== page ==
Population Growth

Over the past 10 years, the Mat-Su population has increased by more than 20,000. The Alaska Department of Labor and Workforce Development projects an additional 65,000 people in the Mat-Su by year 2045. It is anticipated that growth will be primarily residential, with some commercial growth as well. MEA has identified the current power improvement study area based on results of our system studies indicating where power and infrastructure is most needed to bring reliable power to our members.

Map of Project Study Area for Transmission Line Route and two Substations

Currently, the McRae Substation is fed from a radial transmission line, which means there is only one power source for a group of customers—a power failure on that line would interrupt service to customers. Providing an additional transmission line into the McRae Substation would loop in the transmission and increase reliability. The new transmission line will also provide a parallel path for power to flow from MEA’s Eklutna Generation Station into the Wasilla area to increase capacity and provide redundancy in the event of an outage that affects the entire system.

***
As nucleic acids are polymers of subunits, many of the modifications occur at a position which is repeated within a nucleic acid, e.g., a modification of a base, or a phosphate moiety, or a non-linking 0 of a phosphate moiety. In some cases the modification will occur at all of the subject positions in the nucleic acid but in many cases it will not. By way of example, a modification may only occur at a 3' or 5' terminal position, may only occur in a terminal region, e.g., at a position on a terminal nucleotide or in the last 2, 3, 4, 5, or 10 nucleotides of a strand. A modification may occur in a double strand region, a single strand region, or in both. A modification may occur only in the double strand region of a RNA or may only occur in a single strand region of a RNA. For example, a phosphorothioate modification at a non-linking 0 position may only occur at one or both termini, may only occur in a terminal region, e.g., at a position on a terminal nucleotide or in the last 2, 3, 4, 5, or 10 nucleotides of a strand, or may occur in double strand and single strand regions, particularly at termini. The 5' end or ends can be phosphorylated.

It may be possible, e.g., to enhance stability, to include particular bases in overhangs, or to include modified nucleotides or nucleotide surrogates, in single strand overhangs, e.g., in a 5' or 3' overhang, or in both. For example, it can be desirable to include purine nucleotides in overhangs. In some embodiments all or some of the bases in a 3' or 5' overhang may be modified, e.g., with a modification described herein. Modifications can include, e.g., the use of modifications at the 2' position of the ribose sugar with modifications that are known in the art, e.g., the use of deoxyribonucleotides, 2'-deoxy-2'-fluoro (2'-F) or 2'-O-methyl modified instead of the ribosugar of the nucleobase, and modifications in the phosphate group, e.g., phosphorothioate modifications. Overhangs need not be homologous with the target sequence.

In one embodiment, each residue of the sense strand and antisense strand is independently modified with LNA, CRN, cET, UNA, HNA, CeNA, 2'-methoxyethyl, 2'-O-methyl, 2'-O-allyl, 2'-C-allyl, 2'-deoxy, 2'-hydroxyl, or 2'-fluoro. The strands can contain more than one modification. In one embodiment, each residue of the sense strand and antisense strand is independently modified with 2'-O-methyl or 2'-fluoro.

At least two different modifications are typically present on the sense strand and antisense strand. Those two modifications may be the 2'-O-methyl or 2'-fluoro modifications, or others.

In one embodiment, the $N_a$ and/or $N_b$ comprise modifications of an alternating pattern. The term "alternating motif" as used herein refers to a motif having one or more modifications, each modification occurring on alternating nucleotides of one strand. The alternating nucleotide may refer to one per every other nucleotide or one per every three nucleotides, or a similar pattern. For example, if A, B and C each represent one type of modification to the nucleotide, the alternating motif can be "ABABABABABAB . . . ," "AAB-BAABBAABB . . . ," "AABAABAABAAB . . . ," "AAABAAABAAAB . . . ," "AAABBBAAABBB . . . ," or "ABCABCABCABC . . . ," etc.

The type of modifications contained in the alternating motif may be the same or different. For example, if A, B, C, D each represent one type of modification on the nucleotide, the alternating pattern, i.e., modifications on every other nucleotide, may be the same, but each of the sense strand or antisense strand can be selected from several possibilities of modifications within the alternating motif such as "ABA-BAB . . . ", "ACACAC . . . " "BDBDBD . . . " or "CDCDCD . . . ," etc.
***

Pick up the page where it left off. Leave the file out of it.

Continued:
Similar transmission lines can be seen along the Palmer-Wasilla Highway.

Transmission Line Structure Type and Substations


The transmission line MEA is considering to build and operate would be a 115-kV overhead, transmission line on wood single-pole structures. The pictures shown above are examples of the transmission lines MEA is considering including a single circuit transmission structure with distribution underbuild and/or a wood pole transmission line with double circuit. The standard width of the transmission line right-of-way is typically 100 feet of clearance around the lines and structures; part of the right-of-way could include existing roadways that already have land cleared around them.

MEA has built similar 115-kv transmission lines to serve residential customers including along the Palmer-Wasilla Highway.